“As universities have been required to provide additional services and monitor additional requirements per state and federal guidelines, more positions have been created,” he wrote. “Administrators must, for example, address continually changing compliance related issues like Title IX, accreditation, the Americans with Disabilities Act, and many others.”


‘Administrative bloat’


In the past 15 years, research and data have shown that administrative bloat is happening at universities across the country — regardless of how that benefits students. A report released by the Delta Cost Project in 2014 shows that new administrator positions alone contributed to a 28 percent growth in the number of people working in higher education.


According to a Chronicle of Higher Education article about the report, “The number of full-time faculty and staff members per professional or managerial administrator has declined 40 percent, to around 2.5 to 1.”


And that ratio is affecting campuses across the country and at UNC.


In November 2015, the UNC-system Board of Governors voted to give 12 UNC-system chancellors raises that ranged from $17,000 to $70,000. The director of athletics at UNC has seen a 243 percent increase in salary between 2000 and 2015. But top faculty are often poached from UNC with higher paying positions elsewhere.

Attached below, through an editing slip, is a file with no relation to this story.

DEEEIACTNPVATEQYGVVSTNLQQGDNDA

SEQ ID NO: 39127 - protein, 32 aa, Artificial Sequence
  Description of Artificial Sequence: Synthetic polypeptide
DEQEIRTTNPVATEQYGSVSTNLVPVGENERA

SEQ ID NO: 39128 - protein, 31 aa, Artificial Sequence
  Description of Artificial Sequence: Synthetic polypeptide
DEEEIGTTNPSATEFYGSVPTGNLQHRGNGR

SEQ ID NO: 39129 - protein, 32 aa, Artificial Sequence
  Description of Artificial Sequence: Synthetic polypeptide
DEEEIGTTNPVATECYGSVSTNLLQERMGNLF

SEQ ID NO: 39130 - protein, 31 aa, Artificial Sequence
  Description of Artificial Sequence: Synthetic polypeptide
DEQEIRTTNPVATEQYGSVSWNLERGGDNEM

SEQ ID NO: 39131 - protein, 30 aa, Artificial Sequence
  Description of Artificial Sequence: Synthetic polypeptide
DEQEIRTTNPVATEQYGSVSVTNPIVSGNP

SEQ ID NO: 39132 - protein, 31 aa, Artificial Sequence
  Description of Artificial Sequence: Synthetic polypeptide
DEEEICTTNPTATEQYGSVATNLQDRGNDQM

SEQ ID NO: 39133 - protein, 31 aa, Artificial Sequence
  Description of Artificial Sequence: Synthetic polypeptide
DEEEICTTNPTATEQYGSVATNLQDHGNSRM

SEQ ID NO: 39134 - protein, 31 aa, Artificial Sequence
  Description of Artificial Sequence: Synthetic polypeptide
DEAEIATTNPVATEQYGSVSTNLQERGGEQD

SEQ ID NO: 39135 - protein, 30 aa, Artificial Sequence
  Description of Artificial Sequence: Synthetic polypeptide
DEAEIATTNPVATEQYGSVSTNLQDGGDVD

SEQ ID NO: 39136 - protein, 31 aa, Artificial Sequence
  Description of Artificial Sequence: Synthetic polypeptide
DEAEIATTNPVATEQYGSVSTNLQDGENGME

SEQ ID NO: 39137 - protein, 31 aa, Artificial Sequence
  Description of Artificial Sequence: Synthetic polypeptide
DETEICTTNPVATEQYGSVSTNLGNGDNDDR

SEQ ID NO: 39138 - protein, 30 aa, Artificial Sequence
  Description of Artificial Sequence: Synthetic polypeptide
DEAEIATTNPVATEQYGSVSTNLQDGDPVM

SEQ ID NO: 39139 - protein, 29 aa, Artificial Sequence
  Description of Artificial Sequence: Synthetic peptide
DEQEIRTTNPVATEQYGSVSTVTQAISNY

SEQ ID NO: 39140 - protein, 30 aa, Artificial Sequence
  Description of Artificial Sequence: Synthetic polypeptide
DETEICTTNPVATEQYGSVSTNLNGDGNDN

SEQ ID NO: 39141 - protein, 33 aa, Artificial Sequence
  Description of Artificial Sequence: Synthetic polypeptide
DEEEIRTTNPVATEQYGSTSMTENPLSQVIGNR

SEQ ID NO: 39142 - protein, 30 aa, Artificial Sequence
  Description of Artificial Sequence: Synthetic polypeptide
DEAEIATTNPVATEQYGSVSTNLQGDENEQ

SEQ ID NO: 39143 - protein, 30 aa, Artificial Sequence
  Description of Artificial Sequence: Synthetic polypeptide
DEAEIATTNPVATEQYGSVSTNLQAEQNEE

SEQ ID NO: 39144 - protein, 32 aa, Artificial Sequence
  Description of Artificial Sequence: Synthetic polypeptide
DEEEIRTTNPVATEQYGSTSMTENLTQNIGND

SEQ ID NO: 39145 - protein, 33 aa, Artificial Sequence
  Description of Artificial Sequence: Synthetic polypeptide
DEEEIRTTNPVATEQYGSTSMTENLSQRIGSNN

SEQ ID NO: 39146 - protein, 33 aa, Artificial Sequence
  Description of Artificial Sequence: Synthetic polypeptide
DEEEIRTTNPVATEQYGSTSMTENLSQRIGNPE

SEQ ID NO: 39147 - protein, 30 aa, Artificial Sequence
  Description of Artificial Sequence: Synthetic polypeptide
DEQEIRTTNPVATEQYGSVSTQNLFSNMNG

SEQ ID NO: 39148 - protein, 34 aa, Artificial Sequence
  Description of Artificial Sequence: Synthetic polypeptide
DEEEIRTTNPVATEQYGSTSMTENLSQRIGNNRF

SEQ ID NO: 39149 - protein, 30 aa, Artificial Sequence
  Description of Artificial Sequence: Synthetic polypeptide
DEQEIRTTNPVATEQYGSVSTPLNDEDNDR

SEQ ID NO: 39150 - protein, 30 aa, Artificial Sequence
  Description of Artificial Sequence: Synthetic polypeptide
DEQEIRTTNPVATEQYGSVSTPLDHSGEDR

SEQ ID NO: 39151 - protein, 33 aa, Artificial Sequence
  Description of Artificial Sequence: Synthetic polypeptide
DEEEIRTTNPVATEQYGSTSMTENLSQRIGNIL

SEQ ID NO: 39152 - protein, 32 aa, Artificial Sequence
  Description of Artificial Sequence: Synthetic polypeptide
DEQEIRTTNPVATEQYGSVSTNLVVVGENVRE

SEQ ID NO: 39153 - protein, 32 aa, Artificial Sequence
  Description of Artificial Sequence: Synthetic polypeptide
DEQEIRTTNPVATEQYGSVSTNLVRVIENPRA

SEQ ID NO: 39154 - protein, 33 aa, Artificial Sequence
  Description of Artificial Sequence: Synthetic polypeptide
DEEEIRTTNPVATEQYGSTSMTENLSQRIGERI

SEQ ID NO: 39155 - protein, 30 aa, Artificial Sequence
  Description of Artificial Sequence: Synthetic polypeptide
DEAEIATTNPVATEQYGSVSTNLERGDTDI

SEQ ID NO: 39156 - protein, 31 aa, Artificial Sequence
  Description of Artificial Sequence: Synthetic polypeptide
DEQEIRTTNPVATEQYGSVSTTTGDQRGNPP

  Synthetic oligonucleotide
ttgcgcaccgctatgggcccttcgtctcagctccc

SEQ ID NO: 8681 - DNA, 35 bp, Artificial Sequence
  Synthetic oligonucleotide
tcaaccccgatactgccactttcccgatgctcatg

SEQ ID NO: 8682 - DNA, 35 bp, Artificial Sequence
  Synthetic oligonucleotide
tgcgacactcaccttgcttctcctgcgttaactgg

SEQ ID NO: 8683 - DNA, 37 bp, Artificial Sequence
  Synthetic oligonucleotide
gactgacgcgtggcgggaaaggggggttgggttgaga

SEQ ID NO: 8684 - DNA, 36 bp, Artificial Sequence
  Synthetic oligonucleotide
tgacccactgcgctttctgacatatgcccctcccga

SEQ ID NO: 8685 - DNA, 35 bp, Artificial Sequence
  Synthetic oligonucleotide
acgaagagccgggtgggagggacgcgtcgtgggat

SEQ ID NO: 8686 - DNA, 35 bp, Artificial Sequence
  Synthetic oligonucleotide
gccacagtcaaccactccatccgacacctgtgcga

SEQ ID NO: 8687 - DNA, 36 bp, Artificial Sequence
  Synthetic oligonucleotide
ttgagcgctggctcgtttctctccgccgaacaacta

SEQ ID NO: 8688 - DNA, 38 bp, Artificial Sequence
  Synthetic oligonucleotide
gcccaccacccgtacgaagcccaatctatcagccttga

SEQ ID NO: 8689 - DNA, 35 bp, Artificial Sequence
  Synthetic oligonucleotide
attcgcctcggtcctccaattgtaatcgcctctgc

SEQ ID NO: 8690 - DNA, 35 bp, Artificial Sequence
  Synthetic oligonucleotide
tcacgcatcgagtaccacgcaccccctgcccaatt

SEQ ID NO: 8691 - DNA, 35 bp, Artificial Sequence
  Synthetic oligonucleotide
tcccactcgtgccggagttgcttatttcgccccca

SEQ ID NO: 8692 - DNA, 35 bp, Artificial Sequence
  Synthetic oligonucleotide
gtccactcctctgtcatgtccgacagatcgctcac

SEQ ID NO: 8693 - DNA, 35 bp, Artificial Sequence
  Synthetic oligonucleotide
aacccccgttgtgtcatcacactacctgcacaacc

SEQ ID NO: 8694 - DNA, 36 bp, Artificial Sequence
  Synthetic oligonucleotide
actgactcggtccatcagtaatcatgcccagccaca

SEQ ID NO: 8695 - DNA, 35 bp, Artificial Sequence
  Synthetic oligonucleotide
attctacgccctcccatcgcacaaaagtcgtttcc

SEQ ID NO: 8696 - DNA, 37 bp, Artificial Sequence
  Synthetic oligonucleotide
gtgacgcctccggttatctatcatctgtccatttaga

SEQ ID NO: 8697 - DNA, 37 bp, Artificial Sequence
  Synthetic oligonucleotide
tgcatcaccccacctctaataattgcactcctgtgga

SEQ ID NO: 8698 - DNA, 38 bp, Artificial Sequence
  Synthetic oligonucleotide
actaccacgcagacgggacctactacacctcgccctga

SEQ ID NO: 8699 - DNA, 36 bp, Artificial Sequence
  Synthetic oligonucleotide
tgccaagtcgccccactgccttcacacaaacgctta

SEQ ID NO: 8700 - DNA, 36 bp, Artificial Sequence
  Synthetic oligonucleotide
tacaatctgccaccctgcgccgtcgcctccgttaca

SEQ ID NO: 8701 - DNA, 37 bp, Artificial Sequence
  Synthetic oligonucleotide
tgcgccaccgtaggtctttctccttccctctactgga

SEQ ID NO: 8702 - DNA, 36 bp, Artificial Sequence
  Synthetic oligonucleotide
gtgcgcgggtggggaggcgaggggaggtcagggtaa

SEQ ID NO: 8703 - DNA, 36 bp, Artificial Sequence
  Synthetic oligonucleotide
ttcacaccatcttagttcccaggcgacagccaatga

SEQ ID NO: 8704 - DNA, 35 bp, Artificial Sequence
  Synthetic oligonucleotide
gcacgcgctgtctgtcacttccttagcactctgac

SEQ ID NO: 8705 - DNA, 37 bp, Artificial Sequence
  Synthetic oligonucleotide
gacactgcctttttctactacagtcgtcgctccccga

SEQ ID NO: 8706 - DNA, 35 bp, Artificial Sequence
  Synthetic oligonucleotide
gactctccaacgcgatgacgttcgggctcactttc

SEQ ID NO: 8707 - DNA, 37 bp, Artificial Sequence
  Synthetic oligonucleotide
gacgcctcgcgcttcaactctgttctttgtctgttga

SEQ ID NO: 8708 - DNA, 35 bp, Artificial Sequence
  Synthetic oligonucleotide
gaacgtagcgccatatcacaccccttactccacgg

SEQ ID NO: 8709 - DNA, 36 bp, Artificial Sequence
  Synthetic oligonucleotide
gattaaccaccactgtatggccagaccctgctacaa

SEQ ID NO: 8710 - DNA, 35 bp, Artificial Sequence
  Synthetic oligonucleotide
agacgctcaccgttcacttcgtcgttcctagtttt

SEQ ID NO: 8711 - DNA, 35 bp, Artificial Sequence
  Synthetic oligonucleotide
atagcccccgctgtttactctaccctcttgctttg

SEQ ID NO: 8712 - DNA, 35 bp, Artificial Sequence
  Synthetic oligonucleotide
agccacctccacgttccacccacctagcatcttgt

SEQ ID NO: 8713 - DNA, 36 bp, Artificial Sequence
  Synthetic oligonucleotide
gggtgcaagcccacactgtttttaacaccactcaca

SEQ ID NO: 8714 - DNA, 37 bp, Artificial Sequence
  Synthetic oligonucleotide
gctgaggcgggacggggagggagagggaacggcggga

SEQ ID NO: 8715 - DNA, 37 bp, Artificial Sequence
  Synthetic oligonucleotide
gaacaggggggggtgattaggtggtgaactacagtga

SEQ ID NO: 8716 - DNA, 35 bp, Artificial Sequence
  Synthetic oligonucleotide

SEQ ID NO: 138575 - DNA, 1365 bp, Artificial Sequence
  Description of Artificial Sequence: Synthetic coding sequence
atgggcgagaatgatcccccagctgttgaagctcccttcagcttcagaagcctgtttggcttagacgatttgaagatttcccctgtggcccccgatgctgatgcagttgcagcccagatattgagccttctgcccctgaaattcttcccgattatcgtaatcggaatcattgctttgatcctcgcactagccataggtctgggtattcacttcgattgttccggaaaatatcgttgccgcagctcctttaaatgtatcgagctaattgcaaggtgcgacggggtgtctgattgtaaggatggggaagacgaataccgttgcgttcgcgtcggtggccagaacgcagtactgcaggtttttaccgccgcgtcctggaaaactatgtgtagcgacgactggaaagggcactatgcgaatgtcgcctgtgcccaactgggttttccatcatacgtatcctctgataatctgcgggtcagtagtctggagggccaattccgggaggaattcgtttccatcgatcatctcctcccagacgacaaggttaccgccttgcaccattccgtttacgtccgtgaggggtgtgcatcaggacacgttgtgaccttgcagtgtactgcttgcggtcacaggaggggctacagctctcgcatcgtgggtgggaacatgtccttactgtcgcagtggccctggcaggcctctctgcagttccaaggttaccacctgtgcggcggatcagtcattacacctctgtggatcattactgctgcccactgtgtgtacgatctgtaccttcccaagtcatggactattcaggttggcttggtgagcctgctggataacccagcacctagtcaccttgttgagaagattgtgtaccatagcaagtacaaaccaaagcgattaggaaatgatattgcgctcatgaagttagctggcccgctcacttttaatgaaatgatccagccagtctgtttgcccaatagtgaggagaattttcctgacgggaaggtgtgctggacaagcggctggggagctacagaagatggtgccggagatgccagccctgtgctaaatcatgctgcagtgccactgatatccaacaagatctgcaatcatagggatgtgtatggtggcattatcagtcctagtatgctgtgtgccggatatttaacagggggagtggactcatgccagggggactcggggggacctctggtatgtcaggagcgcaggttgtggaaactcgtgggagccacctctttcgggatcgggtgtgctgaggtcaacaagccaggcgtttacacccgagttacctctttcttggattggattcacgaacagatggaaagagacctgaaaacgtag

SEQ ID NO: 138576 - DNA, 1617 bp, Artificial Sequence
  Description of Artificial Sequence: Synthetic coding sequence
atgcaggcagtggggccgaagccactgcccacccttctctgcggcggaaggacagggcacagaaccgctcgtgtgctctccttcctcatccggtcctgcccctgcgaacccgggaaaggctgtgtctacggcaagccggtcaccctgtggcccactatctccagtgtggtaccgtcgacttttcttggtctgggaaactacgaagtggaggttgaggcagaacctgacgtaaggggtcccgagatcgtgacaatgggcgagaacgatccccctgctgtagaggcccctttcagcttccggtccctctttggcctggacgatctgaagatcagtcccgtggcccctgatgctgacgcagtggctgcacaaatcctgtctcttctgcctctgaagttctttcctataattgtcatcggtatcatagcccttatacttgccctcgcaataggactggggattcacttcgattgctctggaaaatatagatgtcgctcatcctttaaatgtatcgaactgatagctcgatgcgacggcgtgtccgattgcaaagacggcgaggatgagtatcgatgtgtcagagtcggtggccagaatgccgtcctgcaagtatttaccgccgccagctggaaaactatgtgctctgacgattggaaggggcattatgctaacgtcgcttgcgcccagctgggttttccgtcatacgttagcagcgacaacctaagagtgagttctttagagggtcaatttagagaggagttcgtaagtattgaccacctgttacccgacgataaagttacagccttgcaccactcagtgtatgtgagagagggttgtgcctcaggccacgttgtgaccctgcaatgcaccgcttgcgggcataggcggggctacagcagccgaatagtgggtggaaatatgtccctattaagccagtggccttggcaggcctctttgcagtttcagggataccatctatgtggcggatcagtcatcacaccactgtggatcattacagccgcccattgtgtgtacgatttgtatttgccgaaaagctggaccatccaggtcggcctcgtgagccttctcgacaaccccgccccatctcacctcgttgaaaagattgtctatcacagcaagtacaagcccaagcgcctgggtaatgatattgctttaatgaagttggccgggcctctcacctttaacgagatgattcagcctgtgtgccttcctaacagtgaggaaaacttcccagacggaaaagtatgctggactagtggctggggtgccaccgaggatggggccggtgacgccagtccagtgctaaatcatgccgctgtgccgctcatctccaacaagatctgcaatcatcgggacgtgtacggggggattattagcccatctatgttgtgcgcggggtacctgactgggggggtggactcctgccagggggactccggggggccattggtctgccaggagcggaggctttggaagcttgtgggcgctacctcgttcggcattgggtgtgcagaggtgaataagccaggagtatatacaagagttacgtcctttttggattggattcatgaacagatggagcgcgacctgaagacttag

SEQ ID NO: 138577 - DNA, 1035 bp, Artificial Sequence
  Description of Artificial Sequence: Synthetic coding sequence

“The expansion of high-paid administrator positions, and the rapid increase of top administrative salaries is having a negative impact on morale on our campus and in the UNC system,” said geography professor Altha Cravey in a statement. Cravey is an active voice on the UNC-Chapel Hill campus on a variety of issues involving the Board of Governors and the Board of Trustees.


Vishal Reddy, who was the co-president of UNC-Chapel Hill’s Campus Y and a member of independent student newspaper The Daily Tar Heel’s editorial board from 2015-16, said he believes the University is trying to respond to students’ needs with the number of administrators it has — but in his eyes, they’re not as valuable to students as their salaries would suggest.


“The bureaucracy is pretty bloated,” Reddy said.


The Daily Tar Heel’s editorial board often voiced concerns about increasing administrator salaries or hiring new administrators, instead of funding programs for low-income students, poorly-paid graduate students or faculty and staff.


Reddy wants to see more of UNC’s money going toward the rising cost of tuition or improving education instead of to bonuses or large salary packages for administrators.


Gregory counters that as universities grow larger, they must increase services and provide more to the students, not to mention keep up with the administrative work that grows as more students attend.


“Some observers — both inside and outside the industry — have cited an ever-expanding bureaucracy as one cost driver, while other observers have said that staff growth merely reflects the new things colleges do and the new roles they are expected to perform,” Scott Carlson writes in the Chronicle of Higher Education.


Whatever it is that’s driving the increase in administrators, Reddy said he’s concerned that it’s a sign of a public university going down a different path.


“As the University builds up the bureaucracy, it becomes more private.”